Pondering on what to do aside from reading the assigned readings for next week, I asked myself: when can I go back home? I’ve yearned to come back to one of the places where I learned so much about life and work. And finally, I had the chance to go back home.


Four months after graduation, I finally had time to come back to where I came from: my high school. Everything felt so different, yet so the same when I walked down the halls of my home for the past four years of my rocky road life. It was weird seeing all those girls in pink shirts and not knowing who they were. It was so nice seeing the familiar faces of the girls from the lower batches. I even got to meet the girl who wrote the prophecy for me (who turns out to be their batch valedictorian in grade school). Seeing all those familiar faces, including some teachers and staff, made me have a feeling of reassurance – that I can always come back home and be comfortable. The struggles brought about by the first few weeks of college made me feel really uncomfortable and uneasy. Coming back home really made my day, my week.

On my way to my destination, I saw Ate Vivian, the guard who was assigned at the entrance that I always use. She was thrilled to see me, as I was thrilled to see her. She told me about the few changes that occurred for the new school year. Wow, so much can change in so little time. I saw many more teachers, and they asked me how college was. I said, “stressful. It’s not the same stress as high school stress.” They reassured me that I can do it, and so I left them, hurrying.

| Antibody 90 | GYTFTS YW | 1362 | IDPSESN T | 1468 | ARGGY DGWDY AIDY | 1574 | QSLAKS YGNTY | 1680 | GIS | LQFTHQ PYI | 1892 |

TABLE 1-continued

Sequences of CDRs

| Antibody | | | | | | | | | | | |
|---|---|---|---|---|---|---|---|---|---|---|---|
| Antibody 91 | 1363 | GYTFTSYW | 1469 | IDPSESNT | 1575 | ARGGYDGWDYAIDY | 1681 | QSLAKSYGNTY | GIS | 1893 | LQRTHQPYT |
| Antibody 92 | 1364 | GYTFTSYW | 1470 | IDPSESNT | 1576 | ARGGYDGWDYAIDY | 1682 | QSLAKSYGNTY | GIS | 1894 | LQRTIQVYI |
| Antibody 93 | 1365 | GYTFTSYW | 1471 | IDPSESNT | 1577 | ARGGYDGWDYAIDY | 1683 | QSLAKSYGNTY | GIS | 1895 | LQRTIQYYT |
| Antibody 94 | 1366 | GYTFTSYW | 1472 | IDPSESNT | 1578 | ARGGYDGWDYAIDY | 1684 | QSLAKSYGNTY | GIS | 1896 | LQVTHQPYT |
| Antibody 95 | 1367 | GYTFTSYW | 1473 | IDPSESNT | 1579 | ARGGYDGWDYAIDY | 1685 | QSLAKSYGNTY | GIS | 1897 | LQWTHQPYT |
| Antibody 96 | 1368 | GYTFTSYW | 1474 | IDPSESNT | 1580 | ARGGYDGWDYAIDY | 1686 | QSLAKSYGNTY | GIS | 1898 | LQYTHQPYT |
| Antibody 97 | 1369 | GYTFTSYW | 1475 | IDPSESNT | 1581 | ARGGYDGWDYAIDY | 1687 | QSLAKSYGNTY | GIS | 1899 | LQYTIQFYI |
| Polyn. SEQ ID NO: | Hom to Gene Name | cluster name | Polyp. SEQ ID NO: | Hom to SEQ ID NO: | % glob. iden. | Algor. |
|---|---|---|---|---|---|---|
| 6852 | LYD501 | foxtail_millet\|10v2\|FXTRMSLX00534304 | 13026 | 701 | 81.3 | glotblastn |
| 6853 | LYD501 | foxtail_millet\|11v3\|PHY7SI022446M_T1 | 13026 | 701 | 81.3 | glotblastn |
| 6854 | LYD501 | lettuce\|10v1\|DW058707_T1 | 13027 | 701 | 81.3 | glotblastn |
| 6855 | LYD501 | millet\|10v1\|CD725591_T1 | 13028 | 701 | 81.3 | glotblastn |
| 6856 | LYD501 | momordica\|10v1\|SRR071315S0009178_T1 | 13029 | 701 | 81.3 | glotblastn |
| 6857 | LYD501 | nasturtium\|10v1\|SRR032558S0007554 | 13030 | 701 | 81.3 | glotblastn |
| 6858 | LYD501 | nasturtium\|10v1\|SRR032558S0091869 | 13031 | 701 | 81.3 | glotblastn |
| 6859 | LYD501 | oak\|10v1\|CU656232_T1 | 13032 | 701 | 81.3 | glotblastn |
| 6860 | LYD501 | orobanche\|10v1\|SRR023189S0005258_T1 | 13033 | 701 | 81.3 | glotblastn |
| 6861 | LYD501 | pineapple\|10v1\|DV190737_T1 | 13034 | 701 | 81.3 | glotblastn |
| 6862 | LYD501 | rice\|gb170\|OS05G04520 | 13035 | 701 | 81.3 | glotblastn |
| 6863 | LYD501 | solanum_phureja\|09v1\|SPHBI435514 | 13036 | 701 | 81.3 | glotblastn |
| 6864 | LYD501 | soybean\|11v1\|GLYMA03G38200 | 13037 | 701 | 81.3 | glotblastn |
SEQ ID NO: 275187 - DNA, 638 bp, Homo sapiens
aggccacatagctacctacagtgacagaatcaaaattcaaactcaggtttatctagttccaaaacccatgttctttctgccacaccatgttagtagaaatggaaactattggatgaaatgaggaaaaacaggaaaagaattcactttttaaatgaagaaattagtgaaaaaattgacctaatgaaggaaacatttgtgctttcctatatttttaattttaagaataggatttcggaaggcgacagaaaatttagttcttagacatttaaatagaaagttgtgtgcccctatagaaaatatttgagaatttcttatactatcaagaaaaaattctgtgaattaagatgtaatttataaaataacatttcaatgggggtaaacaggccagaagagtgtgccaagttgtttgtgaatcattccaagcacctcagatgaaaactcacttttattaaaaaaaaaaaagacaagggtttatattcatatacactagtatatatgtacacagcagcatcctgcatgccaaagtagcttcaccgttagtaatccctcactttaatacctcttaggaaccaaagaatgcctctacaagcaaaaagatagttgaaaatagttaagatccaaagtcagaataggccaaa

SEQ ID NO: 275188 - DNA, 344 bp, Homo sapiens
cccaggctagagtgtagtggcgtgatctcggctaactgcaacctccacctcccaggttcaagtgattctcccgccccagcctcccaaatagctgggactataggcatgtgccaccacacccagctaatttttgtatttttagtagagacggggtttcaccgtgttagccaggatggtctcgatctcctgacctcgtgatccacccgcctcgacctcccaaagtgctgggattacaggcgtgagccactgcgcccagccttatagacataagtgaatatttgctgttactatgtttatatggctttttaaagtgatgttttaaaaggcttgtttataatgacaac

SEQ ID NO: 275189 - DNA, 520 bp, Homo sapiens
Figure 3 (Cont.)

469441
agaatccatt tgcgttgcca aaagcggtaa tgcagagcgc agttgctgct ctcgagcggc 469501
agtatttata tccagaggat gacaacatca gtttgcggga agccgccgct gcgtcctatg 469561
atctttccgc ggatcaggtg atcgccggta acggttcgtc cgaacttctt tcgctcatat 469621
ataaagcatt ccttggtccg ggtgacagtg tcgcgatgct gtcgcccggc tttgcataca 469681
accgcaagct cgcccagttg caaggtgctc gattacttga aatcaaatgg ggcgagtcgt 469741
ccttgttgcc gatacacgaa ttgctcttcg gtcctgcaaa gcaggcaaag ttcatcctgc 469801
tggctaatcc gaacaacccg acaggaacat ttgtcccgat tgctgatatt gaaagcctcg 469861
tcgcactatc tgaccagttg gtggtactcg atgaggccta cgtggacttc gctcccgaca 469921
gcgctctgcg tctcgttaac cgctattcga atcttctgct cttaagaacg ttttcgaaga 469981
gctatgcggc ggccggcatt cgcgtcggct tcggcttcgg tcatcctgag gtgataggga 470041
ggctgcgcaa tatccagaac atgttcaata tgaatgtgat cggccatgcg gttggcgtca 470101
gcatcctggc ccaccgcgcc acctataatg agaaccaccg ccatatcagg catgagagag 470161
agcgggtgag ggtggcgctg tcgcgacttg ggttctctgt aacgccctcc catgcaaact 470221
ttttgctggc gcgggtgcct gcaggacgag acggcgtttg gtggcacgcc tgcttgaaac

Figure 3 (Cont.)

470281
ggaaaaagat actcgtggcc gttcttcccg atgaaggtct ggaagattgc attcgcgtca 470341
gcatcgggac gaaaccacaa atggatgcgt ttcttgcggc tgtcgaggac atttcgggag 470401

I visited my club, First Aid. I bought them pizza, too. Wow, I bought pizza for 11 strangers. *moving on* A sophomore member came to me and hugged me, and ranted about how she’s stressed about the school punishing her. I felt her woes, but I was flattered because she shared her frustrations with me. As the session started, our dear moderator gave a few reminders, then I had the flood to myself. I was never comfortable in speaking about my experiences in front of crowds, especially in full English (well, Koreans were in the crowd so I had to speak in English). After sharing my stressful first aide experience, we ate. A few photos were taken, then I went off to look for teachers.

I was able to speak to our assistant principal for academic affairs. She was warm, as always. I was able to share my struggles, and she was there to say that I can do it. She reminded me of my past struggles, reminding me that my past struggles were worse than what I’m going through now. I left her, hoping to see her again. As I waited for my mom, I saw one of the teachers who made me cry (a lot) in senior year. We were, of course, casual. I greeted him on my way to club, so I guess we’re fine. He asked me about college and where I attend college, and he left. Well, it was nice speaking to him, knowing that I trusted him well before the mishaps happened. My mom came, and then I left

On my way home, I realized how I easily forgot all the bad things that happened to me in school. All that I remembered were the fun stuff. I guess that’s what you feel when you’re at home in a certain place. It’s like all the bad things are dust particles in the air: they’re there, but you can’t see them.

High school will always be special to me, my glory days. I miss high school now. How I wish I could go back in time.